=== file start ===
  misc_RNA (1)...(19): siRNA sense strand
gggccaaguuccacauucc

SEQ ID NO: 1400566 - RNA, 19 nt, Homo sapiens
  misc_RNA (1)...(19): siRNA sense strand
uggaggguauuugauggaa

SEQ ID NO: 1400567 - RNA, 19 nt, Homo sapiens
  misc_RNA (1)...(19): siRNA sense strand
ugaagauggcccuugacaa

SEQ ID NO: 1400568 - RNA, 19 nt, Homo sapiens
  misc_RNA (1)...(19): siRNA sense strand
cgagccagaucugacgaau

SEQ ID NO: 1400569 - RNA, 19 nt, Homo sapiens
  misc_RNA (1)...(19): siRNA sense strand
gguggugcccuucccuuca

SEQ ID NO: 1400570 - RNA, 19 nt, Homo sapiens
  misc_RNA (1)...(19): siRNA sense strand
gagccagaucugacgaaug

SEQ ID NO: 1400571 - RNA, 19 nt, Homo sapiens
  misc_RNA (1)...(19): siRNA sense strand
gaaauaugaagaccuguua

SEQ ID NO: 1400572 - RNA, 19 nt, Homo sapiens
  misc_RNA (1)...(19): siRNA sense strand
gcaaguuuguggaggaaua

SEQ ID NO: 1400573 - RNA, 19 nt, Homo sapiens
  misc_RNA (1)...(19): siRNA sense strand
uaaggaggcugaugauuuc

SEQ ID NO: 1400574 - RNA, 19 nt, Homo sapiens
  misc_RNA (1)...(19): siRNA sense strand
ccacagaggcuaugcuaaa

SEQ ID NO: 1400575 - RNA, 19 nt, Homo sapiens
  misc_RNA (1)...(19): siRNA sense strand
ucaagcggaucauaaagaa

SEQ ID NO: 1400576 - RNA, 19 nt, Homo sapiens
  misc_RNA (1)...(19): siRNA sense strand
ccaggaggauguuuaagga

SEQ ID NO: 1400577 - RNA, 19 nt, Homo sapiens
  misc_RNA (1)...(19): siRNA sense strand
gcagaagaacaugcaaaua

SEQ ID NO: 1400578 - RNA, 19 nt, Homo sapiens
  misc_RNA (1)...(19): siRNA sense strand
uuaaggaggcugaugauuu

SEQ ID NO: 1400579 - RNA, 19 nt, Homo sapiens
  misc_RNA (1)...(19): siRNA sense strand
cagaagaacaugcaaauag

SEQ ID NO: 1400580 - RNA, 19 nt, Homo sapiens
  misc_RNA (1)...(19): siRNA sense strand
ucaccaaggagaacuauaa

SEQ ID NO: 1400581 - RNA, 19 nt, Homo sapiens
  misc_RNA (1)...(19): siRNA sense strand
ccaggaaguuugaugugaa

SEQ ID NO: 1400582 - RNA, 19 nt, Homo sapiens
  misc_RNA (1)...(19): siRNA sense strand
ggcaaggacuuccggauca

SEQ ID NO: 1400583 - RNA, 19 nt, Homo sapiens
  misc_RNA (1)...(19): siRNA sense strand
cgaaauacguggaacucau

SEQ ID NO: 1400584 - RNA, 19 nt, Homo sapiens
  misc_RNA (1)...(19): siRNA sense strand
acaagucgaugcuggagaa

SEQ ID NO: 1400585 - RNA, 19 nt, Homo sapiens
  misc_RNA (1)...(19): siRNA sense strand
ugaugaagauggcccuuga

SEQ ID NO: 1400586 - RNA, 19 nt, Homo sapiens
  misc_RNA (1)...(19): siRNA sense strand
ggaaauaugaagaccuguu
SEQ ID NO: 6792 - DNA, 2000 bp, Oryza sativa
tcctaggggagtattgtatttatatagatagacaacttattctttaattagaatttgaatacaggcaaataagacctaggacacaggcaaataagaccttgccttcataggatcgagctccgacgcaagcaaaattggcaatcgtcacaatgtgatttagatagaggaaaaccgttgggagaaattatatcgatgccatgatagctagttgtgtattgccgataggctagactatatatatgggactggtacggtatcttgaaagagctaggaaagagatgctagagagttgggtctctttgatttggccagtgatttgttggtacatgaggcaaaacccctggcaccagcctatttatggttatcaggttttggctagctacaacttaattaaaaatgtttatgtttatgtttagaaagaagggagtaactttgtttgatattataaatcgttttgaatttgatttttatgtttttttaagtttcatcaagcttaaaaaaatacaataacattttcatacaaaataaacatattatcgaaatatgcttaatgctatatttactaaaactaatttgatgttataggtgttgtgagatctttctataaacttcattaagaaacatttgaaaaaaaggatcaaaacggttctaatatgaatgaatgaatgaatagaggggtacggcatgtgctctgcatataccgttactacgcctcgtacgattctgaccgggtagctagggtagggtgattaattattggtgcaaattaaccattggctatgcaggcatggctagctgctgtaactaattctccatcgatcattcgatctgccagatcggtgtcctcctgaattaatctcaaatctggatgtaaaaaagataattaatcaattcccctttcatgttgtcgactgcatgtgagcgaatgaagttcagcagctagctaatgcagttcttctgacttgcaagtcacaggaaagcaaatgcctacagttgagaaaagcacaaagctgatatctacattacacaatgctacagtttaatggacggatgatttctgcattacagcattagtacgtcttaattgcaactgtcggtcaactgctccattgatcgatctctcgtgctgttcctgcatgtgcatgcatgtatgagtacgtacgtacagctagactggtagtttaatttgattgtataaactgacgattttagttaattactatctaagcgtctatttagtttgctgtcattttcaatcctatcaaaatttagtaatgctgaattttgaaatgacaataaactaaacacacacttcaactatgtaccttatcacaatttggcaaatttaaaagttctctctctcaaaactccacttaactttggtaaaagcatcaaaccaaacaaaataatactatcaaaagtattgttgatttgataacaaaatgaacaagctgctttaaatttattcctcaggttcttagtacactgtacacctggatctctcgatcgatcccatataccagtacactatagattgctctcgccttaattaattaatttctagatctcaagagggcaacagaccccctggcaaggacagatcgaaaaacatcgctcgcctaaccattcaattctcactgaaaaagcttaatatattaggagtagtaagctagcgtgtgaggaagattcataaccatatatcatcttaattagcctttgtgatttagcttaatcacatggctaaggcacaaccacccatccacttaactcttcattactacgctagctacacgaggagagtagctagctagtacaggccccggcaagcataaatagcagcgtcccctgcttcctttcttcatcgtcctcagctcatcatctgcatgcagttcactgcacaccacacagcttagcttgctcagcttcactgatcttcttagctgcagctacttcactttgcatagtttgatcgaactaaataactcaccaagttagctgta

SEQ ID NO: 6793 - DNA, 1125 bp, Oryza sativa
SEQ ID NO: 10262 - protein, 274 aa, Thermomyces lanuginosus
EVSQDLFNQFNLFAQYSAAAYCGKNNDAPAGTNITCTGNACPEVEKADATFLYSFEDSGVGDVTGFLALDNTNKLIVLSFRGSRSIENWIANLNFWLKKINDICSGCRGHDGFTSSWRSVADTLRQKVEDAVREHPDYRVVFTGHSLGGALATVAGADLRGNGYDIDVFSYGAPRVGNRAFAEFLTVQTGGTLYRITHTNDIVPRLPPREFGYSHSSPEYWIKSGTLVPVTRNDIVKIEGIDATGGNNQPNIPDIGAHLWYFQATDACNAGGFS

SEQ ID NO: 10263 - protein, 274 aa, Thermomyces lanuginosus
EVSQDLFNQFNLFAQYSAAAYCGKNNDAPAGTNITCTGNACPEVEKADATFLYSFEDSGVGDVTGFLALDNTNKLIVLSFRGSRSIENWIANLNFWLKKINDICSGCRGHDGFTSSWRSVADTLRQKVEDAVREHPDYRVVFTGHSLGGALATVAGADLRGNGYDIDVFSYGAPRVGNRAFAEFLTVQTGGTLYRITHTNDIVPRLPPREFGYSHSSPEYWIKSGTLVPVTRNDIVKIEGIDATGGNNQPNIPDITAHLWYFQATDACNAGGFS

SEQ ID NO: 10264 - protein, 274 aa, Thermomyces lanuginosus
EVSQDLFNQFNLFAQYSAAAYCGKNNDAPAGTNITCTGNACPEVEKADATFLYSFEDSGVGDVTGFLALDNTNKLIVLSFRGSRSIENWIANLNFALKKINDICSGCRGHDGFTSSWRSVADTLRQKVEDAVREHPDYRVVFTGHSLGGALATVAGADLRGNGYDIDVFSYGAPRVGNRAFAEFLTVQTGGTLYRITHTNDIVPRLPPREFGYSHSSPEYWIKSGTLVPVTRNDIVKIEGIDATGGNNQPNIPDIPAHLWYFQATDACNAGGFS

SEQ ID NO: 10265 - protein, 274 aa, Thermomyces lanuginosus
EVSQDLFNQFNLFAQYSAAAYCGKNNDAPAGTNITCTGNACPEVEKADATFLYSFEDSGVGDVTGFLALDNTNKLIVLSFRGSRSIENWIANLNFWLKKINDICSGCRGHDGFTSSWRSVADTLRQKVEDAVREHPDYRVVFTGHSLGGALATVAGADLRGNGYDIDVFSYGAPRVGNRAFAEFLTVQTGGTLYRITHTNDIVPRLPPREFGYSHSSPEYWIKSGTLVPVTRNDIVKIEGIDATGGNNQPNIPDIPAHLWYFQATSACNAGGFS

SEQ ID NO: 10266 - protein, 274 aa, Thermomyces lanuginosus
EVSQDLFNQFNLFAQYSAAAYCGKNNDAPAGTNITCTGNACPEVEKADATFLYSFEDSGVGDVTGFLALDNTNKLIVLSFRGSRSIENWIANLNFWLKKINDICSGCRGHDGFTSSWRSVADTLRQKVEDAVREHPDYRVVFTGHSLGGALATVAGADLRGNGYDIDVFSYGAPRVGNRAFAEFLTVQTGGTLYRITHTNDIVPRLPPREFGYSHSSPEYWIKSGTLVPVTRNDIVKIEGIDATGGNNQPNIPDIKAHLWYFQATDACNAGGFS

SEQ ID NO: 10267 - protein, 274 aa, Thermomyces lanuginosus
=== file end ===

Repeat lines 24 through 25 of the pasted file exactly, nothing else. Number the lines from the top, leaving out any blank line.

SEQ ID NO: 1400573 - RNA, 19 nt, Homo sapiens
  misc_RNA (1)...(19): siRNA sense strand